24.Hoshino K, Yamasaki S, Mukhopadhyay AK, Chakraborty S, Basu A, Bhattacharya SK, et al. Development and evaluation of a multiplex PCR assay for rapid detection of toxigenic Vibrio cholerae O1 and O139. FEMS Immunol Med Microbiol 1998; 20 : 201-7.  Back to cited text no. 24
25.Fukushima H, Tsunomori Y, Seki R. Duplex real-time SYBR green PCR assays for detection of 17 species of food- or waterborne pathogens in stools. J Clin Microbiol 2003; 41 : 5134-46.  Back to cited text no. 25
26.Ririe KM, Rasmussen RP, Wittwer CT. Product differentiation by analysis of DNA melting curves during the polymerase chain reaction. Anal Biochem 1997; 245 : 154-60.  Back to cited text no. 26
27.Raychoudhuri A, Mukhopadhyay AK, Ramamurthy T, Nandy RK, Takeda Y, Nair GB. Biotyping of Vibrio cholerae O1: time to redefine the scheme. Indian J Med Res 2008; 128 : 695-8.  Back to cited text no. 27
28.Bhuiyan NA, Qadri F, Faruque ASG, Malek MA, Salam MA, Nato F, et al. Use of Dipsticks for rapid diagnosis of cholera caused by Vibrio cholerae O1 and O139 from rectal swabs. J Clin Microbiol 2003; 41 : 3939-41.   Back to cited text no. 28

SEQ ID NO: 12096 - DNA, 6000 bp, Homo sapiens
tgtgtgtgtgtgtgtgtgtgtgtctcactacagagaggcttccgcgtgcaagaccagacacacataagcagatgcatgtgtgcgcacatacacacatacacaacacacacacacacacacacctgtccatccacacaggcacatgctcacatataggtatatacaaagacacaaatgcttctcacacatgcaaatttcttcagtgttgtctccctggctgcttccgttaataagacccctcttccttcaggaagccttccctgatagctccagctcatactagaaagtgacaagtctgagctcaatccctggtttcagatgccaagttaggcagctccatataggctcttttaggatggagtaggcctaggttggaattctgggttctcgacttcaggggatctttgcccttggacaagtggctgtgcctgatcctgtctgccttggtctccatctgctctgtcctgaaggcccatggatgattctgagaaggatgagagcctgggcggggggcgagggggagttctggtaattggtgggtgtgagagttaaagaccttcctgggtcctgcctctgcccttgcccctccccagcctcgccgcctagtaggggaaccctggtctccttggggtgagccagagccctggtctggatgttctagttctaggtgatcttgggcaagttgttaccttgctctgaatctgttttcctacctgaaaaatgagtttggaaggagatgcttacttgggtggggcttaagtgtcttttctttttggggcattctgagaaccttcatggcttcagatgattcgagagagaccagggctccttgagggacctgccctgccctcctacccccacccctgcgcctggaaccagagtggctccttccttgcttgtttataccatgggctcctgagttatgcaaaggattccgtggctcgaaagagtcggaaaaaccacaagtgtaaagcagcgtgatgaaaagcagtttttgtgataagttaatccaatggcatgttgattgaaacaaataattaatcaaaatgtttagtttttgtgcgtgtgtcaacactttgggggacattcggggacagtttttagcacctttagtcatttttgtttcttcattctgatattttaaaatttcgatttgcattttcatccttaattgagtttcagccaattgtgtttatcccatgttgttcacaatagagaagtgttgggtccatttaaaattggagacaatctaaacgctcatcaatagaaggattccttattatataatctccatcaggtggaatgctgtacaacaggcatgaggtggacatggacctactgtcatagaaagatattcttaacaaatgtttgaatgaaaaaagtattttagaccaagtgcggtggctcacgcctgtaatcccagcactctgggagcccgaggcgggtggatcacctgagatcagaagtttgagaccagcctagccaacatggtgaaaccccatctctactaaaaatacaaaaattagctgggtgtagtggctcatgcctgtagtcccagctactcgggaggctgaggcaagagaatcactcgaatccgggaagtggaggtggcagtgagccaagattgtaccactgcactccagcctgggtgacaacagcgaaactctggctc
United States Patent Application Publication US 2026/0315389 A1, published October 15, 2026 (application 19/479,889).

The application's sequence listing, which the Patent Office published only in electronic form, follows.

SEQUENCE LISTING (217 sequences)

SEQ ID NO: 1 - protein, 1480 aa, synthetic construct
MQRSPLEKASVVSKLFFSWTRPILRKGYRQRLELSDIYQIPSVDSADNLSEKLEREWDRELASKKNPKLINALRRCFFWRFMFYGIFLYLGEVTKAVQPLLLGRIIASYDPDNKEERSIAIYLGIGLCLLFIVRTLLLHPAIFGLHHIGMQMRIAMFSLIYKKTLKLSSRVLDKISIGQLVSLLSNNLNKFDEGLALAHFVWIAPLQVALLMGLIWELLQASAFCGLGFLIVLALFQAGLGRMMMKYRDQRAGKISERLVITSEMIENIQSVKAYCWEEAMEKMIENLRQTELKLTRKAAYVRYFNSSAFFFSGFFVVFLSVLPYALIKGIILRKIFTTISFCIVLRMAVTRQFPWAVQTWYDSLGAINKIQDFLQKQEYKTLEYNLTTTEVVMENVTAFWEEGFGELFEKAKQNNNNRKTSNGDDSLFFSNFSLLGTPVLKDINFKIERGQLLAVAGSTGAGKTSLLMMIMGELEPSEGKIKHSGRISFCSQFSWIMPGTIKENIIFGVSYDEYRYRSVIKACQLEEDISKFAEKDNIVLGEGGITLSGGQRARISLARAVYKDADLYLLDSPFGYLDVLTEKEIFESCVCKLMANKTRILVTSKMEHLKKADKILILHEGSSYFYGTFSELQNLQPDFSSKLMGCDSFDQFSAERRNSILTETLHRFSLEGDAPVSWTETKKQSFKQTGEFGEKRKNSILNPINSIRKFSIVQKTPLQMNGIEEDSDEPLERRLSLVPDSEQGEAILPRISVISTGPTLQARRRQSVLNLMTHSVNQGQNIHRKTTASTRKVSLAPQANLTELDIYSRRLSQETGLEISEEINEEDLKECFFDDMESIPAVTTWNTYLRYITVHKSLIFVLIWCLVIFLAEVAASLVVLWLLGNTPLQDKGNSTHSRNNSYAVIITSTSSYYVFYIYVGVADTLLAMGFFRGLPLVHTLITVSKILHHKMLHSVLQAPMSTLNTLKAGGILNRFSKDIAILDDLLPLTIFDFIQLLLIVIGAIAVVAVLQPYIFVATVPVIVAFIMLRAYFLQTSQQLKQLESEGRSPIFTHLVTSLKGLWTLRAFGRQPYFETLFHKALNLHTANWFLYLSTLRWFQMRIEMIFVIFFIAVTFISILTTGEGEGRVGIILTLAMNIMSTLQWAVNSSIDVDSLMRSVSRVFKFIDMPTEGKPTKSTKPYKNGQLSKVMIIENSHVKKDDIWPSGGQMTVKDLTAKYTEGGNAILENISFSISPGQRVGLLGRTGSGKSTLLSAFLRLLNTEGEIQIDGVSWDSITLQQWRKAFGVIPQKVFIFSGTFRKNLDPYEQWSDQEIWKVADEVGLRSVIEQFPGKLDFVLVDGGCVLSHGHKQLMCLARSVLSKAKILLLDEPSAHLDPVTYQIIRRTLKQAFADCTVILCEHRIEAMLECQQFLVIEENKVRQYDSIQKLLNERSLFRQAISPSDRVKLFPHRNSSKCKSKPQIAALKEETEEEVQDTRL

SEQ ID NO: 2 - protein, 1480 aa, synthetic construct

29.Kalluri P, Naheed A, Rahman S, Ansaruzzaman M, Faruque AS, Bird M, et al. Evaluation of three rapid diagnostic tests for cholera: does the skill level of the technician matter? Trop Med Int Health 2006; 11 : 49-55.  Back to cited text no. 29
30.Wang XY, Ansaruzzaman M, Vaz R, Mondlane C, Lucas ME, von Seidlein L, et al. Field evaluation of a rapid immunochromatographic dipstick test for the diagnosis of cholera in a high-risk population. BMC Infect Dis 2006; 6 : 17.  Back to cited text no. 30
31.Mukherjee P, Ghosh S, Ramamurthy T, Bhattacharya MK, Nandy RK, Takeda Y, et al. Evaluation of a rapid immunochromatographic dipstick kit for diagnosis of cholera emphasizes its outbreak utility. Jpn J Infect Dis 2010; 63 : 234-8.  Back to cited text no. 31


  [Table 1]


    Similar in PUBMED
   Search Pubmed for
   Search in Google Scholar for
 Related articles
    Access Statistics
    Email Alert *
    Add to My List *
* Registration required (free)  

  In this article
   Material & Methods
    Article Tables

 Article Access Statistics
    PDF Downloaded296    
    Comments [Add]    

Recommend this journal